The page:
The reason Republicans tiptoe so carefully around the birther question is that birthers constitute a significant portion of the Republican base.
Radley Balko at Reason again leaps to the defense of the Koch brothers. The question at hand is whether liberals are irrational to regard the Kochs as right-wingers and ideological adversaries. I argued that liberals are not irrational to think this way, since the Kochs heavily support Republicans in their political giving, and even their "battle of ideas" donations have a right-leaning tilt: Gillespie's implication is that, if you're horrified by the Bush administration's civil rights record and supportive of gay marriage, the Koch brothers are for you. In fact, they're not.
Bonhoeffer: Pastor, Martyr, Prophet, Spy By Eric Metaxas (Thomas Nelson, 591 pp., $29.99) Early in January 1939, the precocious German theologian Dietrich Bonhoeffer, age thirty-two, learned that all males in his age cohort had been ordered to register with the military. A dedicated opponent of the Nazi regime, he might have responded by declaring himself a conscientious objector, but there were two problems with such a course of action.
In the few hours between landing after a swing through Pakistan, the Middle East, and North Africa and taking off again for Berlin, Singapore, Japan, and the Philippines, Secretary of State Hillary Clinton found time on Friday to stop over in much friendlier territory: a subterranean banquet hall at Washington’s Reagan International Trade Center.
At around 10:40 a.m., the House erupted into applause as Representative John Dingell of Michigan took the gavel in order to preside over the House of Representatives. Dingell, the longest serving representative in Congress, has been pursuing universal health care since the day he took office in 1955. It's a crusade that Dingell inherited from his father, John Dingell, Sr. who in 1945 co-sponsored the Wagner-Murray-Dingell bill.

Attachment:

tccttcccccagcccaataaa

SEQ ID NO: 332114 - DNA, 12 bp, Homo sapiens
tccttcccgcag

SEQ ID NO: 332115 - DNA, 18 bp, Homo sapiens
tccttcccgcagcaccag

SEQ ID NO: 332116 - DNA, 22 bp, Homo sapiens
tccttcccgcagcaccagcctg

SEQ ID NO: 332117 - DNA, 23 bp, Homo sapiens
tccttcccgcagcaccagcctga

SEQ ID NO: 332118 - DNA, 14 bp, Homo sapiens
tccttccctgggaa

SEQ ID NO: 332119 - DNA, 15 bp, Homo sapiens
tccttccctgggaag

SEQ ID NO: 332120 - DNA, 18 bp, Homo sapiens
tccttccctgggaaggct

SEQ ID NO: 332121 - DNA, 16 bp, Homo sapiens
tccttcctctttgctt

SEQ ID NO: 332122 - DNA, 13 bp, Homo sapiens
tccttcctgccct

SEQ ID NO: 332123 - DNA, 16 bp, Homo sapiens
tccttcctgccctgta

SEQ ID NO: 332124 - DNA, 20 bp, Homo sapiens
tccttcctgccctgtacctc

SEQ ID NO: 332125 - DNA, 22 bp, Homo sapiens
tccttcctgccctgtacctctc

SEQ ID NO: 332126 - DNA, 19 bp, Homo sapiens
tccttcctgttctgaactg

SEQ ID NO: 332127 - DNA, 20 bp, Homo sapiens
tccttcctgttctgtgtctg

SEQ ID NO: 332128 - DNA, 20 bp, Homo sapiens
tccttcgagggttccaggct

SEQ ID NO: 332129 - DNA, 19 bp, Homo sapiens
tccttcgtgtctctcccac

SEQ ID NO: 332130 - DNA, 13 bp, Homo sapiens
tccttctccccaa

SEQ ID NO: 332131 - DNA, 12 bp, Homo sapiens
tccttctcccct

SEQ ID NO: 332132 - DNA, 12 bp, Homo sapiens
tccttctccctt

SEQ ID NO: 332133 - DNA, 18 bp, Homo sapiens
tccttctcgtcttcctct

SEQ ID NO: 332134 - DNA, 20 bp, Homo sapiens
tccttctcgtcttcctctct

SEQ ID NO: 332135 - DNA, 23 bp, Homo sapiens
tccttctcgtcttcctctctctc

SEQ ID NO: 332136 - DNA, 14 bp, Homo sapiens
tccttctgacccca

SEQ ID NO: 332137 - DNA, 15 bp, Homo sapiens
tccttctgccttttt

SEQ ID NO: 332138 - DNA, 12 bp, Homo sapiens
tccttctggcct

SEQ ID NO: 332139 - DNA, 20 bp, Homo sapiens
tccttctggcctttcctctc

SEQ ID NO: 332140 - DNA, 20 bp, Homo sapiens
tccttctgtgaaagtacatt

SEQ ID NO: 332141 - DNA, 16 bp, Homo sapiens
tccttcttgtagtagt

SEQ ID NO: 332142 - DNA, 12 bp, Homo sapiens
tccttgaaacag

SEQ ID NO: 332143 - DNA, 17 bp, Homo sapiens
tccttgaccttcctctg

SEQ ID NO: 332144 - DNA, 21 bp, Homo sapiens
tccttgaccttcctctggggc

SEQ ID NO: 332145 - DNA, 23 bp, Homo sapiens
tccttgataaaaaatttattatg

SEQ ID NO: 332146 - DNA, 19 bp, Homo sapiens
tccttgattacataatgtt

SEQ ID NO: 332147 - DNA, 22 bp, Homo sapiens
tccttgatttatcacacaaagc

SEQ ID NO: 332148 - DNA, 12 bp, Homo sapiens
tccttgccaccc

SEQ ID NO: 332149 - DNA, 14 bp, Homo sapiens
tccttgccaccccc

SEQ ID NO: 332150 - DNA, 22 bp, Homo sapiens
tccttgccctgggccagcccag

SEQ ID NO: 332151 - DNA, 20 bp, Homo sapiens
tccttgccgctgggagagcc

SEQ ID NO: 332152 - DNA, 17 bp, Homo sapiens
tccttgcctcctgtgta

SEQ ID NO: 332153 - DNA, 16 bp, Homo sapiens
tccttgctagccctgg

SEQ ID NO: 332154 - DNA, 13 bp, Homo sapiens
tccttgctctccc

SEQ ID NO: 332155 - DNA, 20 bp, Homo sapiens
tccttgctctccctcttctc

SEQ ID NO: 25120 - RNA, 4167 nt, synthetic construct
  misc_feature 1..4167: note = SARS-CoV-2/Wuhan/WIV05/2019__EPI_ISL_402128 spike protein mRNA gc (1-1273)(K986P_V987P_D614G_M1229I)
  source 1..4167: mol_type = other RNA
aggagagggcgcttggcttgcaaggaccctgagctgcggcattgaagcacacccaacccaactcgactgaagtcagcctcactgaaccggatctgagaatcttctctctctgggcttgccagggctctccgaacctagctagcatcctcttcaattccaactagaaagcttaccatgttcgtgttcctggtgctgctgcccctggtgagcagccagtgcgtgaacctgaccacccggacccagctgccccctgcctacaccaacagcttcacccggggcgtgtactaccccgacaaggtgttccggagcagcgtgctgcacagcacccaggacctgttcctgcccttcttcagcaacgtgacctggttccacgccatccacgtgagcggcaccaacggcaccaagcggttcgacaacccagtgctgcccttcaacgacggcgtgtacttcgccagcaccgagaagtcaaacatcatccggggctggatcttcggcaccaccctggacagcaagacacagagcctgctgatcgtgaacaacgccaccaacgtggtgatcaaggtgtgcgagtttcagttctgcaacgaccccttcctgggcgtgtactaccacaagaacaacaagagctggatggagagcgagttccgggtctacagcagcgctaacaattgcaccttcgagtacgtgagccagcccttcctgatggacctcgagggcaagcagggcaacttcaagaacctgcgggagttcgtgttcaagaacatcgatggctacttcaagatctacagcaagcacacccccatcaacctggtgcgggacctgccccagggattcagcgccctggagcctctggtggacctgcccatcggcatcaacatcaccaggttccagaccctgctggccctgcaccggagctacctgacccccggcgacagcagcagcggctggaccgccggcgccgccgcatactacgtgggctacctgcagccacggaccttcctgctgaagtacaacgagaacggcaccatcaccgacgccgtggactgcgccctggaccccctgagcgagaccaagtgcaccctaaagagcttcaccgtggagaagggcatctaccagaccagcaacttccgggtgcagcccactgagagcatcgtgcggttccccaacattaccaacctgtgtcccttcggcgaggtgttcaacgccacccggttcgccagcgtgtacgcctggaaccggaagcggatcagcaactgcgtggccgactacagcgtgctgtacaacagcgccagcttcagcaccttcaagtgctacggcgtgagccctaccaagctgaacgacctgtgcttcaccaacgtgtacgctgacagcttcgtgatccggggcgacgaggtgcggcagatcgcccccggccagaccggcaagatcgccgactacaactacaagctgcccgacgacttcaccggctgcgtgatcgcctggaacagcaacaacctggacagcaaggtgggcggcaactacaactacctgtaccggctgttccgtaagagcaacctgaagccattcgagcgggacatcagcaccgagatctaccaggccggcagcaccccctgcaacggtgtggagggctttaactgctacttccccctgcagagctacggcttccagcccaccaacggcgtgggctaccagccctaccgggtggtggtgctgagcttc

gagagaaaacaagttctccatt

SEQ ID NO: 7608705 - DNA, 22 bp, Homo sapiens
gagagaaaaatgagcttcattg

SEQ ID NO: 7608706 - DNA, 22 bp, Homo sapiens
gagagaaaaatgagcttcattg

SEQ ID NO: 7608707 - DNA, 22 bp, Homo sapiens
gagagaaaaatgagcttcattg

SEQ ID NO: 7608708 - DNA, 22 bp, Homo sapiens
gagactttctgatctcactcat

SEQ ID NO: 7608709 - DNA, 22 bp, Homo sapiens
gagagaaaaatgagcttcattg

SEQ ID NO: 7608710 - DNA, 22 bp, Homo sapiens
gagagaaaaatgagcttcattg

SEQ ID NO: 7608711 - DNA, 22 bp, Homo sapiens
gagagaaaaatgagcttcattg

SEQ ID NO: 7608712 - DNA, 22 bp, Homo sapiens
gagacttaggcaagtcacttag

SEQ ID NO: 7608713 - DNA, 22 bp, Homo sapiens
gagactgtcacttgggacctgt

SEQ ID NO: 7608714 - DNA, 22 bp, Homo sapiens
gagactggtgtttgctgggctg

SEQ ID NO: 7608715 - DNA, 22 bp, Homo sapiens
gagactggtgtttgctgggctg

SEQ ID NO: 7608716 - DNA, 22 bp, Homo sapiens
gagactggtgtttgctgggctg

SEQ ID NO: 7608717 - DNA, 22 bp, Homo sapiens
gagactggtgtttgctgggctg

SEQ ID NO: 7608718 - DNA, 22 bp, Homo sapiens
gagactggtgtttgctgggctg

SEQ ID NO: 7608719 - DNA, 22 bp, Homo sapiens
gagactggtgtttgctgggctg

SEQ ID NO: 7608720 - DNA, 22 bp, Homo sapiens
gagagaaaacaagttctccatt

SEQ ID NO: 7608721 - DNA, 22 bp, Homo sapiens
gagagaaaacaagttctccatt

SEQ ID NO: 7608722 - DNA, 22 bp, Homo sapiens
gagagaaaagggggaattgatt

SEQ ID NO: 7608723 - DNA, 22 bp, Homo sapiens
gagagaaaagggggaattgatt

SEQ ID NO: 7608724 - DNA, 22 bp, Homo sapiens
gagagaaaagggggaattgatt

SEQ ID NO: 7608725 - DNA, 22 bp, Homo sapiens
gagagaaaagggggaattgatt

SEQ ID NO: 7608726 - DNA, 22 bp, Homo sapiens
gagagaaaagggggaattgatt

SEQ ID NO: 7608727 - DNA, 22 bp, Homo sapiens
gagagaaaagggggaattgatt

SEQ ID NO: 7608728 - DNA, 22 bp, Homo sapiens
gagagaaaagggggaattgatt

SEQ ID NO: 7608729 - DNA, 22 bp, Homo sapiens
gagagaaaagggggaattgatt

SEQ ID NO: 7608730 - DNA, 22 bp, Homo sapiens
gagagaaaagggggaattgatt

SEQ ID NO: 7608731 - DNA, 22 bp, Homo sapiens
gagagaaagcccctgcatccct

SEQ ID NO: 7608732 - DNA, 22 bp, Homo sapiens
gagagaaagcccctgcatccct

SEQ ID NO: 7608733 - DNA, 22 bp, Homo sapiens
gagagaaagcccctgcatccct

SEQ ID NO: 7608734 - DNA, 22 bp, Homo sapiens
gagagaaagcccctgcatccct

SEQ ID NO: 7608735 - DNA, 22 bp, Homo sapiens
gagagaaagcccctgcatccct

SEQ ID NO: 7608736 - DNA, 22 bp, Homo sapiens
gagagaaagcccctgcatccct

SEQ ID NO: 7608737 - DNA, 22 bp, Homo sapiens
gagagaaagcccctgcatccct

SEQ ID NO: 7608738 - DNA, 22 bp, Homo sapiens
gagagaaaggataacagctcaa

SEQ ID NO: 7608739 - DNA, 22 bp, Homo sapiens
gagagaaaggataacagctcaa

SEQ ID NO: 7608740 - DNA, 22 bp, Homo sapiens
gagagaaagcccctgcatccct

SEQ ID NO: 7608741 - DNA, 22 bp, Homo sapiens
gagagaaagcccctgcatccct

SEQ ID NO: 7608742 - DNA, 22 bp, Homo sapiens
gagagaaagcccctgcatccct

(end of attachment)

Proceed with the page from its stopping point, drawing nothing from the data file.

Rembrandt’s J’Accuse Film Forum The Maid Elephant Eye Films Peter Greenaway, the British director who was educated as a painter, first came to wide attention in 1982 with The Draughtsman’s Contract, a silky comedy about seventeenth-century aristocrats. Greenaway then promptly set out not to build on this success, undertaking one eccentric film project after another. It was almost as if he were determined not to grow cumulatively, as most of the best directors have done. Of the Greenaway works that I have seen, only two of them--quite unlike each other--stand out in memory.
Are representations of the Prophet Muhammad permitted in Islam? To make or not to make images of the Prophet: that is the question I will try to answer. It is an unexpectedly burning question, as the newspapers regularly demonstrate. But both the answer to the question and the reasons for raising it require a broader introduction. There have been many times in recent years when one bemoaned the explosion of media that have provided public forums for so much incompetence and ignorance, not to speak of prejudice. Matters became worse after September 11, for two additional reasons.
Up from History: The Life of Booker T. Washington By Robert J. Norrell (Harvard University Press, 508 pp., $35) I. Once the most famous and influential African American in the United States (and probably the world), Booker T. Washington has earned at best mixed reviews in the decades since his death in 1915. Black intellectuals and political activists, from W. E. B.
Via Alex Massie, I notice that New Gingrich is saying really, really crazy things (again!). Basking in the warm embrace of the National Review staff that interviewed him, the former speaker sounds positively deranged.
One could now accurately write that headline more than once a day, unfortunately. But this one stands out for me, mostly because he came from roughly where I grew up, and also because he was an acquaintance of someone close to me.